NATRUE renews web communication and integrates the Italian language. To keep visitors always informed about natural, organic and certified cosmetics, the International Association based in Brussels and born to promote and protect authentic natural and organic cosmetics, has decided to renew its website and integrate an Italian version amongst the other languages, in the face of the ever growing amount of brands and certified products on the Italian market, i.e. approximately 30% of the total.
www.natrue.org is characterized by a modern and attractive layout, designed to make navigation easy, immediate and intuitive, also optimized for Smartphone and Tablet. The integration of social networks and the ability to subscribe to the newsletter was also a must.
From the main menu, you can wander around the site and join the sections dedicated to consumers, manufacturers, and the media. In particular, consumers can find news and useful insights to recognize true natural and organic cosmetics and information on the added value of the NATRUE certification. You can also consult the list of certified products with pictures, descriptions, usage advice, find companies that produce them and the references sold in Italy.
"A user-friendly and multilingual website, thus accessible to an increasing number of consumers, enhances NATRUE's goal of creating culture on certified natural and organic cosmetics. Who approaches the world of bio beauty must, in fact, be provided with continuity and immediacy of information as well as correct indications to meet the challenges posed by greenwashing or the tendency to pass off as natural and organic products that actually are not", explained Francesca Morgante, NATRUE Label & Communication Manager.
Our 40-year journey began with this Directive whose purpose was to harmonise the law covering cosmetic products, which has since improved and benefited the industry and consumers alike. For manufactures it provided a definition for what a cosmetic product is and what a product can or cannot contain; different Member State national laws were done away with, and free movement within the then European Economic Community (EEC) was eased - without lowering the bar for consumer protection and safety.
Over the decades the Directive has seen several changes through its seven amendments, and has since been transformed into a Regulation (Regulation (EC) No 1223/2009) that came into force in July 2013.
Looking forward it is a simple fact that challenges will always lie ahead.
For instance, to-date there is no official regulatory definition of finished Natural and Organic Cosmetics. Our beloved products are still an officially undefined sector of the tightly regulated European industry, and this is the reason for NATRUE’s advocacy role - that any future regulatory definition of Natural and Organic Cosmetics must be appropriate, relevant and strict.
NATRUE looks forward to the next 40 years of strong EU legislation to the benefit of consumers; ensuring both the quality and authenticity they expect.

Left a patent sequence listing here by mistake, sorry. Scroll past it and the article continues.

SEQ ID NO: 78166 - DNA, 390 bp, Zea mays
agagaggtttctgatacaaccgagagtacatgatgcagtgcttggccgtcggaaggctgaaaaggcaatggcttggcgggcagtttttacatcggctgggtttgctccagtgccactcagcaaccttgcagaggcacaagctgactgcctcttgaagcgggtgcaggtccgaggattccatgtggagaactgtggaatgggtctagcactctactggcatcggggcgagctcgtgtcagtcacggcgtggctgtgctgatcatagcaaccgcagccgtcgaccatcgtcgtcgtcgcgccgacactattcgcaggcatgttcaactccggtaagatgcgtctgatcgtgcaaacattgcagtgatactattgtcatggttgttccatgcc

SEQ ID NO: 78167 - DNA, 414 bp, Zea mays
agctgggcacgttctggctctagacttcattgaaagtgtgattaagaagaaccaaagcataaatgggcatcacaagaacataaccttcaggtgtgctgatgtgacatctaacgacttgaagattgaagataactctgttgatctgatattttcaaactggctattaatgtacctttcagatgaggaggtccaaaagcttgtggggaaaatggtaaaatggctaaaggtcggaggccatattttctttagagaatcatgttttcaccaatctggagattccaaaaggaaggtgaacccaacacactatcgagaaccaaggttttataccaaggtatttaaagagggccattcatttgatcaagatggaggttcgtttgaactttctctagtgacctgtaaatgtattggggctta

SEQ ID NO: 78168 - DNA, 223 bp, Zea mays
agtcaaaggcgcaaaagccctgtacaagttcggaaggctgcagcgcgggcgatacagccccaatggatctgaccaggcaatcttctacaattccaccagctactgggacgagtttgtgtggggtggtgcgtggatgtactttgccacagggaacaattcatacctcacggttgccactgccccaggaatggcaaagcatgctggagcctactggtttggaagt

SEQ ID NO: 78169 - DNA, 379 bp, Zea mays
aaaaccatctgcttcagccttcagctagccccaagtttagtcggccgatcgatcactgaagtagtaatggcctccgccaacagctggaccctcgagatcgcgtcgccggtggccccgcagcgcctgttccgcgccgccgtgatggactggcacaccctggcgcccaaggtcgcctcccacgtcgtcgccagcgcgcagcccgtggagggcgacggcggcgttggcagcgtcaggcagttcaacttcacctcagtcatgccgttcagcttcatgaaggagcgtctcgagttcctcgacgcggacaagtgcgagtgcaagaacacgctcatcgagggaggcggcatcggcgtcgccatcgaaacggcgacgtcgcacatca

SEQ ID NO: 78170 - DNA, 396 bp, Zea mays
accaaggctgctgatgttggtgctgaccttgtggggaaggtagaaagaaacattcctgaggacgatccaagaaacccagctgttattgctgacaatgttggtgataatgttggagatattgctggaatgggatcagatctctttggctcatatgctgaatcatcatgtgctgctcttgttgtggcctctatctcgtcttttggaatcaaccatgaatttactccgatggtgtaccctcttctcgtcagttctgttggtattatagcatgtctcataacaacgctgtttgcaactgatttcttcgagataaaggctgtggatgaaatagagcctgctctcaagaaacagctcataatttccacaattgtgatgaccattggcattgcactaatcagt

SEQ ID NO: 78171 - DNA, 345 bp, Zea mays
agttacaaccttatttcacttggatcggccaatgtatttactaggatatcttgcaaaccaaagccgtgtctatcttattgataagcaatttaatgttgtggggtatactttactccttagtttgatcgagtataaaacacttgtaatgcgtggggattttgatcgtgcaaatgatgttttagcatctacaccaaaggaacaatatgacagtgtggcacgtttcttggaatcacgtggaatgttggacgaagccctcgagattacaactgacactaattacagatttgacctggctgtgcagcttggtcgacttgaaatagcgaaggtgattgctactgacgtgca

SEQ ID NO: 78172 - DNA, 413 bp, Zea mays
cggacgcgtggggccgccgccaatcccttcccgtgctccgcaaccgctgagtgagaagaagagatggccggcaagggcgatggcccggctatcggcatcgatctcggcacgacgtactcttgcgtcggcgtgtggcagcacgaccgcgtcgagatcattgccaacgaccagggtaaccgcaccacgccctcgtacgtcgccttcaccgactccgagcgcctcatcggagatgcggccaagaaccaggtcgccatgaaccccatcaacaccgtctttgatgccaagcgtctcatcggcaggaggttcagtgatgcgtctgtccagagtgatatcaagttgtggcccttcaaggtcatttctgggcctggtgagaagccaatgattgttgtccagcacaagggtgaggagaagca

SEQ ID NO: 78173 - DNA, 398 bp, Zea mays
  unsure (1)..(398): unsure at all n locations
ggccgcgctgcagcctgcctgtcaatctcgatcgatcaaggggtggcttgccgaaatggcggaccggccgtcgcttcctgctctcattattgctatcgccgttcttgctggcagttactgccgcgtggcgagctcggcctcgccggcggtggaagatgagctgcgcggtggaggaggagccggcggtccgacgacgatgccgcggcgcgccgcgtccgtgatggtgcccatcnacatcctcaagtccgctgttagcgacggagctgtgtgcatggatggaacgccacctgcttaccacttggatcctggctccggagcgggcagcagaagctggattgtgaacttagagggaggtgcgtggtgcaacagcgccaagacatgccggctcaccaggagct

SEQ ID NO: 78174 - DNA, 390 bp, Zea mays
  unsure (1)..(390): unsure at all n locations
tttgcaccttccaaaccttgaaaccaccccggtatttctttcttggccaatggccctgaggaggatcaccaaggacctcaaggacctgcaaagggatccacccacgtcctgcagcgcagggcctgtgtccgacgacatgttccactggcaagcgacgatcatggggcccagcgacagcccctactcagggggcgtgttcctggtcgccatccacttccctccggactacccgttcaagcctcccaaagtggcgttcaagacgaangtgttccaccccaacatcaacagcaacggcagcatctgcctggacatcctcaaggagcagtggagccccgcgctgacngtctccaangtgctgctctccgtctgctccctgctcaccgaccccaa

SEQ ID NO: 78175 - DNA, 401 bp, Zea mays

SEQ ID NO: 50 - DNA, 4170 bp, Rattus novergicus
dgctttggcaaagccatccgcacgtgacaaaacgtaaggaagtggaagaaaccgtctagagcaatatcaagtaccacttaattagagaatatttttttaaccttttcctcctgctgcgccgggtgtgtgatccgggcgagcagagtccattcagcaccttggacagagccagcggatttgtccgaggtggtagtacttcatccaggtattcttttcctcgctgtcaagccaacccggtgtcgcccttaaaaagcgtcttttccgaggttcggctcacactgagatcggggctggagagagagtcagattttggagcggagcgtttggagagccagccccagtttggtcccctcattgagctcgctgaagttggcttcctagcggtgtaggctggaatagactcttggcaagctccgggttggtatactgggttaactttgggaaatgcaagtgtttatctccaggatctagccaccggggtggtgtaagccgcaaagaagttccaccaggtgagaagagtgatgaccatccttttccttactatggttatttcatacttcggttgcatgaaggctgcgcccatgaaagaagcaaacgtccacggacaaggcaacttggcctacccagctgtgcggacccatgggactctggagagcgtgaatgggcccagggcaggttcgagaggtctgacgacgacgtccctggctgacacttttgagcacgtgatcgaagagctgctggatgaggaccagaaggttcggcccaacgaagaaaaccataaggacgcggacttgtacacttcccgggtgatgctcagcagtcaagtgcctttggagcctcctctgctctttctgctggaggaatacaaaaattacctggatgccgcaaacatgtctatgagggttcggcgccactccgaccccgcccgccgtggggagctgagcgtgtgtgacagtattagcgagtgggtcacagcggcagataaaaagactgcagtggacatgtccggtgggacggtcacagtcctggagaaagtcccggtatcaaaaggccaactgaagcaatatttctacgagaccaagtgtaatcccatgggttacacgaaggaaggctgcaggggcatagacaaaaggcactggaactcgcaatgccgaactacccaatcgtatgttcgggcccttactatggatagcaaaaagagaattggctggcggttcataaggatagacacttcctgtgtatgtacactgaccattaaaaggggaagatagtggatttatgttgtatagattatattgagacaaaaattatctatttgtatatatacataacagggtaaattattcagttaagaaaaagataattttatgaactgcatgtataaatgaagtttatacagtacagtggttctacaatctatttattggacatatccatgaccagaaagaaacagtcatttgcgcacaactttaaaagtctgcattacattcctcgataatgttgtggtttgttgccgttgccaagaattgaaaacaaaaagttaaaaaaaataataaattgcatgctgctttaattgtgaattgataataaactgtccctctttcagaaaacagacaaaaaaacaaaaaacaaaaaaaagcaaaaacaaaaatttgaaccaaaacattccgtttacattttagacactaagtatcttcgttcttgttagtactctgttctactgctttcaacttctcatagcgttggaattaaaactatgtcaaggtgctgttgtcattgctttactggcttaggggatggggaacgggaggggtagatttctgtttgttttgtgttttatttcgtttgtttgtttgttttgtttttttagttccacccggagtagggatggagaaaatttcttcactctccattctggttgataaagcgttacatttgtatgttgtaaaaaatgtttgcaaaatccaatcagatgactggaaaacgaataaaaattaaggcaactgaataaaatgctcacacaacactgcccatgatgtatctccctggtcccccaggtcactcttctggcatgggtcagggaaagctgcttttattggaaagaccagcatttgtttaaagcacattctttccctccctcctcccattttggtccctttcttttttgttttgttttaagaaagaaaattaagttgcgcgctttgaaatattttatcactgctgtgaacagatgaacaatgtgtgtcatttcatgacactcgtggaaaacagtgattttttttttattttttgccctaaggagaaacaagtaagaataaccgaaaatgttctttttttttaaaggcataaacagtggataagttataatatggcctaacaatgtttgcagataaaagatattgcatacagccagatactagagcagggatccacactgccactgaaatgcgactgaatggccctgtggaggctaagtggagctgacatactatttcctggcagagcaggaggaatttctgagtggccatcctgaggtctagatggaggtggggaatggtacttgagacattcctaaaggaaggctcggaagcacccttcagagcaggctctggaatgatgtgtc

Dr Mark Smith joined NATRUE in June 2014 as Scientific and Regulatory Manager. He will continue his role in these fields of expertise in addition to his responsibilities related to his new role as Director General.
We thank Dr Mark Smith for this strong commitment and wish him every success in his new role. We are confident that by taking this step, the NATRUE organization will reinforce its mission to protect and promote natural and organic cosmetics worldwide.
Organized, precise and reliable Office Administrator Intern
Undergraduate/graduate seeking an opportunity as Scientific and Regulatory Affairs Intern
Candidates should show practical skills, high motivation for work, flexibility, and team spirit to work with a dynamic and international team in Brussels. Full internship descriptions are provided in the attachments.
ITRI’s interest in natural and organic cosmetics is not without cause, considering the Taiwanese market growth in this sector. In terms of import, Taiwan’s domestic cosmetic market size was about NT$100 billion in 2014, of which NT$ 36.5 billion was from imports. The largest import was from the EU, followed by Japan, and the major import items included skin care and colour cosmetics (>50%). Taiwan’s cosmetic export was NT$ 16.4 billion in 2014. Taiwan’s export is growing strong, with a rise of 134% from 2008 to 2014 (+15%CAGR). China (including Hong Kong) is Taiwan’s largest export country, which grew by 481% from 2008 to 2014 (+34% CAGR).
The meeting in the European capital provided an opportunity for international engagement whereby both NATRUE and ITRI could exchange regulatory and scientific knowledge and ideas from the natural and organic cosmetic industry and research sectors within the EU and Taiwan on natural and organic cosmetic ingredients and finished products.
NATRUE highlighted the need for a strong definition of natural and organic cosmetics and provided and overview of the association’s structure, challenges and achievements. In this respect, NATRUE also outlined its prior involvement in international research and training activities covering scientific research/innovation and regulatory affairs expertise.
The Taiwanese members of ITRI were thoroughly informed and updated on the technical, operational and control methods of the NATRUE Standard as a strong, authentic and well-adopted definition of natural and organic cosmetics, contributing to their protection and promotion to the benefit of consumers worldwide.
The meeting was arranged through introduction of NATRUE to the ITRI delegation by Dr. Gerald Renner of Cosmetics Europe.